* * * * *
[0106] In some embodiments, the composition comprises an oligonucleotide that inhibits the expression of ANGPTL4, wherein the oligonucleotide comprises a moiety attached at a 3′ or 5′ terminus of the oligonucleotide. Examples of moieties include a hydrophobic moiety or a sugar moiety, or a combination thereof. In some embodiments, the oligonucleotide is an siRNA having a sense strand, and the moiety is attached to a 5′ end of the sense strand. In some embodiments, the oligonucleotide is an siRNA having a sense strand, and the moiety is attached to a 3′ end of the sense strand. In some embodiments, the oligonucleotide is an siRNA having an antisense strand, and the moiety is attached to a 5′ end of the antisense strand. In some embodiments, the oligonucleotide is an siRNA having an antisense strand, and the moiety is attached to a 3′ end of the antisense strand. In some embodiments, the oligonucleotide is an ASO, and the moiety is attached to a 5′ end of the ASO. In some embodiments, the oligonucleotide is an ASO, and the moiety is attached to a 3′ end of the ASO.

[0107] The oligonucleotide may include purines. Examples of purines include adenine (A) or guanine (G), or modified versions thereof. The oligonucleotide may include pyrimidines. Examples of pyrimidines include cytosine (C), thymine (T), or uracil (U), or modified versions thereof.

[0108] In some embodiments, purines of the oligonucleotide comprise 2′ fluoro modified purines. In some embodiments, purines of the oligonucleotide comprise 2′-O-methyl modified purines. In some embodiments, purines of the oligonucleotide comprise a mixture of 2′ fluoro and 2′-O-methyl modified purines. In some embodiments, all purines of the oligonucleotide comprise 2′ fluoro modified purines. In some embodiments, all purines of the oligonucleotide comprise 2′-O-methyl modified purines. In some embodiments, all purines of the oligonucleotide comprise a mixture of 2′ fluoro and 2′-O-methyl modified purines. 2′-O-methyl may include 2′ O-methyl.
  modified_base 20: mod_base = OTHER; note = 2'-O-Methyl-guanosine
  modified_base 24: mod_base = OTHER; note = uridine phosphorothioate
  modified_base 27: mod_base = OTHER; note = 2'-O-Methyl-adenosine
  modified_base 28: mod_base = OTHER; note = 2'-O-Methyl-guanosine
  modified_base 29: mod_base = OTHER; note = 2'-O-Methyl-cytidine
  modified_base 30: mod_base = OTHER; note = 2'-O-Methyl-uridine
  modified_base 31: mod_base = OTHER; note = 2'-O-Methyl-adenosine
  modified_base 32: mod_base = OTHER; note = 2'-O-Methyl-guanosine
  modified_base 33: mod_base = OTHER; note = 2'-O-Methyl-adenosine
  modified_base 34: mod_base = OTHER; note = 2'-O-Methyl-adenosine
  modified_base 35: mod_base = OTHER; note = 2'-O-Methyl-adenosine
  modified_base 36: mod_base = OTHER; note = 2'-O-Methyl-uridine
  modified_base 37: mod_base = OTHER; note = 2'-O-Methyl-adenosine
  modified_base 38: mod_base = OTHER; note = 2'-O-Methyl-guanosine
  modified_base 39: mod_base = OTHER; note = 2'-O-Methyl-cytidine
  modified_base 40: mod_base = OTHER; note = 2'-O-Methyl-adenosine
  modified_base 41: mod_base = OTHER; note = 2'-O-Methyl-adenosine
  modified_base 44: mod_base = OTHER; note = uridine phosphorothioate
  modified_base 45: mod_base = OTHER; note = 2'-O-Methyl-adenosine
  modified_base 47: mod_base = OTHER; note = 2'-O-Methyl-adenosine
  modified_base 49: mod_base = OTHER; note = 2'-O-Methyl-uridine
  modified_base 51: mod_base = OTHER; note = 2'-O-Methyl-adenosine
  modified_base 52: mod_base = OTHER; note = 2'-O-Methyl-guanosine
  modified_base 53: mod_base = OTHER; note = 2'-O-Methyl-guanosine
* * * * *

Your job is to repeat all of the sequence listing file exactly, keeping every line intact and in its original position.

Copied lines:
[0106] In some embodiments, the composition comprises an oligonucleotide that inhibits the expression of ANGPTL4, wherein the oligonucleotide comprises a moiety attached at a 3′ or 5′ terminus of the oligonucleotide. Examples of moieties include a hydrophobic moiety or a sugar moiety, or a combination thereof. In some embodiments, the oligonucleotide is an siRNA having a sense strand, and the moiety is attached to a 5′ end of the sense strand. In some embodiments, the oligonucleotide is an siRNA having a sense strand, and the moiety is attached to a 3′ end of the sense strand. In some embodiments, the oligonucleotide is an siRNA having an antisense strand, and the moiety is attached to a 5′ end of the antisense strand. In some embodiments, the oligonucleotide is an siRNA having an antisense strand, and the moiety is attached to a 3′ end of the antisense strand. In some embodiments, the oligonucleotide is an ASO, and the moiety is attached to a 5′ end of the ASO. In some embodiments, the oligonucleotide is an ASO, and the moiety is attached to a 3′ end of the ASO.

[0107] The oligonucleotide may include purines. Examples of purines include adenine (A) or guanine (G), or modified versions thereof. The oligonucleotide may include pyrimidines. Examples of pyrimidines include cytosine (C), thymine (T), or uracil (U), or modified versions thereof.

[0108] In some embodiments, purines of the oligonucleotide comprise 2′ fluoro modified purines. In some embodiments, purines of the oligonucleotide comprise 2′-O-methyl modified purines. In some embodiments, purines of the oligonucleotide comprise a mixture of 2′ fluoro and 2′-O-methyl modified purines. In some embodiments, all purines of the oligonucleotide comprise 2′ fluoro modified purines. In some embodiments, all purines of the oligonucleotide comprise 2′-O-methyl modified purines. In some embodiments, all purines of the oligonucleotide comprise a mixture of 2′ fluoro and 2′-O-methyl modified purines. 2′-O-methyl may include 2′ O-methyl.
  modified_base 20: mod_base = OTHER; note = 2'-O-Methyl-guanosine
  modified_base 24: mod_base = OTHER; note = uridine phosphorothioate
  modified_base 27: mod_base = OTHER; note = 2'-O-Methyl-adenosine
  modified_base 28: mod_base = OTHER; note = 2'-O-Methyl-guanosine
  modified_base 29: mod_base = OTHER; note = 2'-O-Methyl-cytidine
  modified_base 30: mod_base = OTHER; note = 2'-O-Methyl-uridine
  modified_base 31: mod_base = OTHER; note = 2'-O-Methyl-adenosine
  modified_base 32: mod_base = OTHER; note = 2'-O-Methyl-guanosine
  modified_base 33: mod_base = OTHER; note = 2'-O-Methyl-adenosine
  modified_base 34: mod_base = OTHER; note = 2'-O-Methyl-adenosine
  modified_base 35: mod_base = OTHER; note = 2'-O-Methyl-adenosine
  modified_base 36: mod_base = OTHER; note = 2'-O-Methyl-uridine
  modified_base 37: mod_base = OTHER; note = 2'-O-Methyl-adenosine
  modified_base 38: mod_base = OTHER; note = 2'-O-Methyl-guanosine
  modified_base 39: mod_base = OTHER; note = 2'-O-Methyl-cytidine
  modified_base 40: mod_base = OTHER; note = 2'-O-Methyl-adenosine
  modified_base 41: mod_base = OTHER; note = 2'-O-Methyl-adenosine
  modified_base 44: mod_base = OTHER; note = uridine phosphorothioate
  modified_base 45: mod_base = OTHER; note = 2'-O-Methyl-adenosine
  modified_base 47: mod_base = OTHER; note = 2'-O-Methyl-adenosine
  modified_base 49: mod_base = OTHER; note = 2'-O-Methyl-uridine
  modified_base 51: mod_base = OTHER; note = 2'-O-Methyl-adenosine
  modified_base 52: mod_base = OTHER; note = 2'-O-Methyl-guanosine
  modified_base 53: mod_base = OTHER; note = 2'-O-Methyl-guanosine